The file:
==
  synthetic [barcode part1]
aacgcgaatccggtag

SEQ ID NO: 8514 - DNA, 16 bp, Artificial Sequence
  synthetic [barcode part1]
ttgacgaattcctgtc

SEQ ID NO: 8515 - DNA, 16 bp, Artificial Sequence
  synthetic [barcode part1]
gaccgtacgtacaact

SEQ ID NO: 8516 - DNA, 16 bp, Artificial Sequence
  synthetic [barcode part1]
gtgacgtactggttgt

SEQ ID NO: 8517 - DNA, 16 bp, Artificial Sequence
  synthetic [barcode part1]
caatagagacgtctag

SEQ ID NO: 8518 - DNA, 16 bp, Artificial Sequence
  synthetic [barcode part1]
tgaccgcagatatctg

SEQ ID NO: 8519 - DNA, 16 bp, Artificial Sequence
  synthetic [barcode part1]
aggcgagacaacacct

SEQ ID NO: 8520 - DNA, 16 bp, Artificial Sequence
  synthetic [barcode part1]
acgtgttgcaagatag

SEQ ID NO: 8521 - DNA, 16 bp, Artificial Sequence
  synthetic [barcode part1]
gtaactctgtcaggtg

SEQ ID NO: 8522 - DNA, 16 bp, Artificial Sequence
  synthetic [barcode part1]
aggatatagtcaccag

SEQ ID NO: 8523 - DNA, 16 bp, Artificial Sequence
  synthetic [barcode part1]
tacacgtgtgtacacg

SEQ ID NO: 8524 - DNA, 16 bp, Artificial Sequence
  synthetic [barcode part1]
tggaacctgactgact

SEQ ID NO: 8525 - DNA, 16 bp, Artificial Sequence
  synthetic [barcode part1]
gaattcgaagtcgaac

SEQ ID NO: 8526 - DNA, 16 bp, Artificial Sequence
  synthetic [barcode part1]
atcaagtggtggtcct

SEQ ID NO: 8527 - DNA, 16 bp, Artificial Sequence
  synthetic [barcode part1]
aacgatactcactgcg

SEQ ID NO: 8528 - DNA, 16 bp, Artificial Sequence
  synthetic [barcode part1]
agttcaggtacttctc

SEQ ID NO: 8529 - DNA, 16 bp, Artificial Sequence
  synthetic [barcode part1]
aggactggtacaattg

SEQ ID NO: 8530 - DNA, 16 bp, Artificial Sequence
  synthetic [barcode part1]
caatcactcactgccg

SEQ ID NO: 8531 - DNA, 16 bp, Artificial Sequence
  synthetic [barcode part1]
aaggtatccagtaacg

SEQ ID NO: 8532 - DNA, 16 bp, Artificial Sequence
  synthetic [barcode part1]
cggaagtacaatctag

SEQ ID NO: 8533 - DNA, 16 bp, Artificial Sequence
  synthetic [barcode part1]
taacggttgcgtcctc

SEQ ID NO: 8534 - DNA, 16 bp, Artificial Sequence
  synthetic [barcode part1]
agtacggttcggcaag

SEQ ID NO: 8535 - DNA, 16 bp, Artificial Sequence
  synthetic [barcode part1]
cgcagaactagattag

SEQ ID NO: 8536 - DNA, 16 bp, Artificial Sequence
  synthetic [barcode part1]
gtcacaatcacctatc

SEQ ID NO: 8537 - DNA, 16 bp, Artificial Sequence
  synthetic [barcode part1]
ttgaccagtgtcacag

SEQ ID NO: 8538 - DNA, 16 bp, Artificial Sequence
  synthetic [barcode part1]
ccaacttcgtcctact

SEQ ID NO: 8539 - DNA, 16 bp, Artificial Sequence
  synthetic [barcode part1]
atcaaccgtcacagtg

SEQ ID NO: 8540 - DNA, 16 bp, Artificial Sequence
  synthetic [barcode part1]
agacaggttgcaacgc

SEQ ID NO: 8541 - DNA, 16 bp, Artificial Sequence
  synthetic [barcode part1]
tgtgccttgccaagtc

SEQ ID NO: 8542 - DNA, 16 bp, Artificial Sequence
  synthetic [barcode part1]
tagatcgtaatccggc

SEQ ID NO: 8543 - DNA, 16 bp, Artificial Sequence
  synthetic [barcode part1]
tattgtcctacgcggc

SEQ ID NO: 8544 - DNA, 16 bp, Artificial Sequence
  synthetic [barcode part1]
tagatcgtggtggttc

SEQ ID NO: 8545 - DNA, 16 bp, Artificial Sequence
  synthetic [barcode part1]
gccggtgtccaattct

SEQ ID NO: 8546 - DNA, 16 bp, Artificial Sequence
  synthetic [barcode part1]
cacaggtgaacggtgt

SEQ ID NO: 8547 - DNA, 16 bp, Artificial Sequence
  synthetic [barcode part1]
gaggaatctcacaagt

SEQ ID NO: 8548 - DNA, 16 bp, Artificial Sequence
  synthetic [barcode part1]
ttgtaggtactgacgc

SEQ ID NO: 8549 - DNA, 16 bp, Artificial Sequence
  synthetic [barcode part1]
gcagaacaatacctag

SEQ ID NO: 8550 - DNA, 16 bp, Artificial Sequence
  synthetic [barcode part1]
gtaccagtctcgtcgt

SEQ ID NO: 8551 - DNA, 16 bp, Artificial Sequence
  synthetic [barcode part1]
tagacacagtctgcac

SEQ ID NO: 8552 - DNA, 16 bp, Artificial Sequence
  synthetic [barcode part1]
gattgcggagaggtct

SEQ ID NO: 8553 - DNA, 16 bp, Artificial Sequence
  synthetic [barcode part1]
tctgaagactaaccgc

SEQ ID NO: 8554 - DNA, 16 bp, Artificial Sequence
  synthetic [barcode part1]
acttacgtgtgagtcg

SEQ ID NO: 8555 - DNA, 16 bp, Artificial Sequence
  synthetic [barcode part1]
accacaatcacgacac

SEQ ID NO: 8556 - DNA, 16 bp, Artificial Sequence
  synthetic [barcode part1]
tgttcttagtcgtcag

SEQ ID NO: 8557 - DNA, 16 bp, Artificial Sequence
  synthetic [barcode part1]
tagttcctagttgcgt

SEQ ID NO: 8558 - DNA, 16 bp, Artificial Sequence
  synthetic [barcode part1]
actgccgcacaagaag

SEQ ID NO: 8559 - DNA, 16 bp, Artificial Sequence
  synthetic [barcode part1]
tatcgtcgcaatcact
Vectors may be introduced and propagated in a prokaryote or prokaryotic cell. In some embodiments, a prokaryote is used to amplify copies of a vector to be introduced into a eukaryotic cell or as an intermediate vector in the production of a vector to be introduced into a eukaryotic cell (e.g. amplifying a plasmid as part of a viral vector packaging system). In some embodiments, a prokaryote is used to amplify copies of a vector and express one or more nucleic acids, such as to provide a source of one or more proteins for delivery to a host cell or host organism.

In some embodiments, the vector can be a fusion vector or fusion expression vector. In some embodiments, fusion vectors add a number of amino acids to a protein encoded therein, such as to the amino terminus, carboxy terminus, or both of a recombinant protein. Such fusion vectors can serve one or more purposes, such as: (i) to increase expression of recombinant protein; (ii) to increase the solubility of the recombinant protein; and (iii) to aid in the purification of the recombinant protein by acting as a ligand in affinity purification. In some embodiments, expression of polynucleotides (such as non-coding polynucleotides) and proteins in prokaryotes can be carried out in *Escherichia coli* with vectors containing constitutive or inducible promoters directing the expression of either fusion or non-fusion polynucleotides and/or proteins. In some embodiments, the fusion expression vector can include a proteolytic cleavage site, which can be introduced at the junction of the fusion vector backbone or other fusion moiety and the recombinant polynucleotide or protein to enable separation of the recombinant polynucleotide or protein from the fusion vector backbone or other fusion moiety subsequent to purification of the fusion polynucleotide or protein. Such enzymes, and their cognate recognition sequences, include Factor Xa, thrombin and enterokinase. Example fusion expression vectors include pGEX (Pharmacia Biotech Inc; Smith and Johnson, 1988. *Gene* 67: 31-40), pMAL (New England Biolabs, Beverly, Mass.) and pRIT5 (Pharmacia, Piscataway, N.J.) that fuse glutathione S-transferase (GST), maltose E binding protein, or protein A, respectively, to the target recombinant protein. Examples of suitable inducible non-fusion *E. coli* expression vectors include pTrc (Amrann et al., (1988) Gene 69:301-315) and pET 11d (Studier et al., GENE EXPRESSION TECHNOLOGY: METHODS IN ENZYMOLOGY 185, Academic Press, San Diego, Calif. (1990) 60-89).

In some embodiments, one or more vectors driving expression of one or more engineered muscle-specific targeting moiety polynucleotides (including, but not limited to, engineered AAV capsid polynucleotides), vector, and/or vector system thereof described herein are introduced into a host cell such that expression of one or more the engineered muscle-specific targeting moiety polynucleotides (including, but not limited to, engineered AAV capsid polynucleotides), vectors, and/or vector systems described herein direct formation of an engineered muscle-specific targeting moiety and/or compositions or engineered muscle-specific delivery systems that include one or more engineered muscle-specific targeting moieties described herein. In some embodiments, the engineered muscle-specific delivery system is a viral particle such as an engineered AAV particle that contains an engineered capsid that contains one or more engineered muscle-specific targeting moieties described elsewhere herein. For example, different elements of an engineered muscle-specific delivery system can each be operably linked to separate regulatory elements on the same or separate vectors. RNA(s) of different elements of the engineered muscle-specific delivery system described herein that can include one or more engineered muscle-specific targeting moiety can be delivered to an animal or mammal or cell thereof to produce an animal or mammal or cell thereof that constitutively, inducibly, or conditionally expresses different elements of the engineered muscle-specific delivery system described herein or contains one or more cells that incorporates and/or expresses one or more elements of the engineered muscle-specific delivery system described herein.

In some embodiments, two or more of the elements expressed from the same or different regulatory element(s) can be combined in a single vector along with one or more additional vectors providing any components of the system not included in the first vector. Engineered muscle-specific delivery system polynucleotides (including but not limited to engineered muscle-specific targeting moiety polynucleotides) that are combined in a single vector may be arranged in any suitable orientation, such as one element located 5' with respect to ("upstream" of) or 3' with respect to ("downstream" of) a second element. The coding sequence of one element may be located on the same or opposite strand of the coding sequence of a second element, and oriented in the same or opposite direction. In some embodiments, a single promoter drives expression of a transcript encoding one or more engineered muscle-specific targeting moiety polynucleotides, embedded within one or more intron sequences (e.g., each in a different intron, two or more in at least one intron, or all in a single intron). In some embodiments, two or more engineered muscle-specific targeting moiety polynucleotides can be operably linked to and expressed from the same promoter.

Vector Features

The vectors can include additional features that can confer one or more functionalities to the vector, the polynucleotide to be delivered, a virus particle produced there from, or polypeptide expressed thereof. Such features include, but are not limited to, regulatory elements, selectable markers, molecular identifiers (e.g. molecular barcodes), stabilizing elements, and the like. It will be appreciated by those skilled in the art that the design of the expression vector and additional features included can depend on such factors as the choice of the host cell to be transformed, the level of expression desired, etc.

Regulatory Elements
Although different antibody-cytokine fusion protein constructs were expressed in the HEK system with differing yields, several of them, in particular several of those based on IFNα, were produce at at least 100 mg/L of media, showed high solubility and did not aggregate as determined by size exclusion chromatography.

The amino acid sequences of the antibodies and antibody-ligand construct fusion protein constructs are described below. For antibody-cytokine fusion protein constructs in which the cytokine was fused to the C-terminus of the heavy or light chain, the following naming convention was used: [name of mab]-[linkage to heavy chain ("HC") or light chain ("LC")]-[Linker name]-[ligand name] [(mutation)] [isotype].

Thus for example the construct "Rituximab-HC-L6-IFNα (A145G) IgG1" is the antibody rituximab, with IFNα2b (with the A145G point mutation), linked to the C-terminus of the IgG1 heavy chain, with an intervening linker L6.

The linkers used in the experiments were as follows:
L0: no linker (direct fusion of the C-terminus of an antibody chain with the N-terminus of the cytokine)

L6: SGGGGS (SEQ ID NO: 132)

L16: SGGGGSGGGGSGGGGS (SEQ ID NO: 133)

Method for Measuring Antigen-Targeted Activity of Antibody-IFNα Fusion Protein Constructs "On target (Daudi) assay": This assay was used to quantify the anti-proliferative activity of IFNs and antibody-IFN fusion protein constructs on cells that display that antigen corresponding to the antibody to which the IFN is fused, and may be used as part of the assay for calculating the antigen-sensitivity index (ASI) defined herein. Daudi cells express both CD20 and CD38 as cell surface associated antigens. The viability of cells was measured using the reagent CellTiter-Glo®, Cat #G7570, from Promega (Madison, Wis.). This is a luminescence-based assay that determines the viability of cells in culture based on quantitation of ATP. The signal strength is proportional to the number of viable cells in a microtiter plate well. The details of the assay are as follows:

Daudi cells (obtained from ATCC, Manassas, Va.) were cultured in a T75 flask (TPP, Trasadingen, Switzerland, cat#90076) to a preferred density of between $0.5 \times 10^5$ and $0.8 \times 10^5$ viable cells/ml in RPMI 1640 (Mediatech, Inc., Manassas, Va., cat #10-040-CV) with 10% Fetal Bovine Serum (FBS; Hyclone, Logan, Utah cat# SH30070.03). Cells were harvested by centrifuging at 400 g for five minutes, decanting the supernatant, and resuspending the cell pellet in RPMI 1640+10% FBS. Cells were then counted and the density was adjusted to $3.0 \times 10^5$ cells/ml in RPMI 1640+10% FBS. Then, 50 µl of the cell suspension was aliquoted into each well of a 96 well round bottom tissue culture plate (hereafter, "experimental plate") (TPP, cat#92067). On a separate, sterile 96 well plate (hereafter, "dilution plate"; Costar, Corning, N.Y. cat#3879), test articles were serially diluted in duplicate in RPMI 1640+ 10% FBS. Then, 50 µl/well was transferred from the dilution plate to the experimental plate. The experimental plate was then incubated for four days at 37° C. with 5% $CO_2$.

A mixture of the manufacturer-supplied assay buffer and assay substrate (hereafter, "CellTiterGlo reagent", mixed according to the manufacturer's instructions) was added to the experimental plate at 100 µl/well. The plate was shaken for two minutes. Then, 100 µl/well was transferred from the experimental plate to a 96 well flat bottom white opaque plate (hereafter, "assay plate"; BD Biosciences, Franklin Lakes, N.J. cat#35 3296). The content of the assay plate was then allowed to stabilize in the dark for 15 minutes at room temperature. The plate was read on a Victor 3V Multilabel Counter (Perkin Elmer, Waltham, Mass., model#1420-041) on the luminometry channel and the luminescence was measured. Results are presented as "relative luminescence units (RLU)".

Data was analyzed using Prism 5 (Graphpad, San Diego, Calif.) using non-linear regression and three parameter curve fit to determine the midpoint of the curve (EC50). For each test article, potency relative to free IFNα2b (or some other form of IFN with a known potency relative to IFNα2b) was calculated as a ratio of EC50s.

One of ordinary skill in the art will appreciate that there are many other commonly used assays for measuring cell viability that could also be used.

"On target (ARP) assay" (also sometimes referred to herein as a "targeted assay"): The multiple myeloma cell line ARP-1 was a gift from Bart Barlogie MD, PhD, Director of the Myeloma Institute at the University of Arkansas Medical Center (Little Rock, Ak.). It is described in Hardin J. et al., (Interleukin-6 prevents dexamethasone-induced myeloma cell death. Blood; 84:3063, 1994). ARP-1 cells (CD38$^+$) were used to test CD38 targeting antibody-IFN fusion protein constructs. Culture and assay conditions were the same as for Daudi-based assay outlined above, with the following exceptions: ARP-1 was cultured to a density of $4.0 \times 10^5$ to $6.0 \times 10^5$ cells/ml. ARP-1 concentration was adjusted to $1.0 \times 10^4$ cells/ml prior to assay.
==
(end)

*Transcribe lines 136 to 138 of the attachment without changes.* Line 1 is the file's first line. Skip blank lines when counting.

  synthetic [barcode part1]
actgccgcacaagaag

SEQ ID NO: 8559 - DNA, 16 bp, Artificial Sequence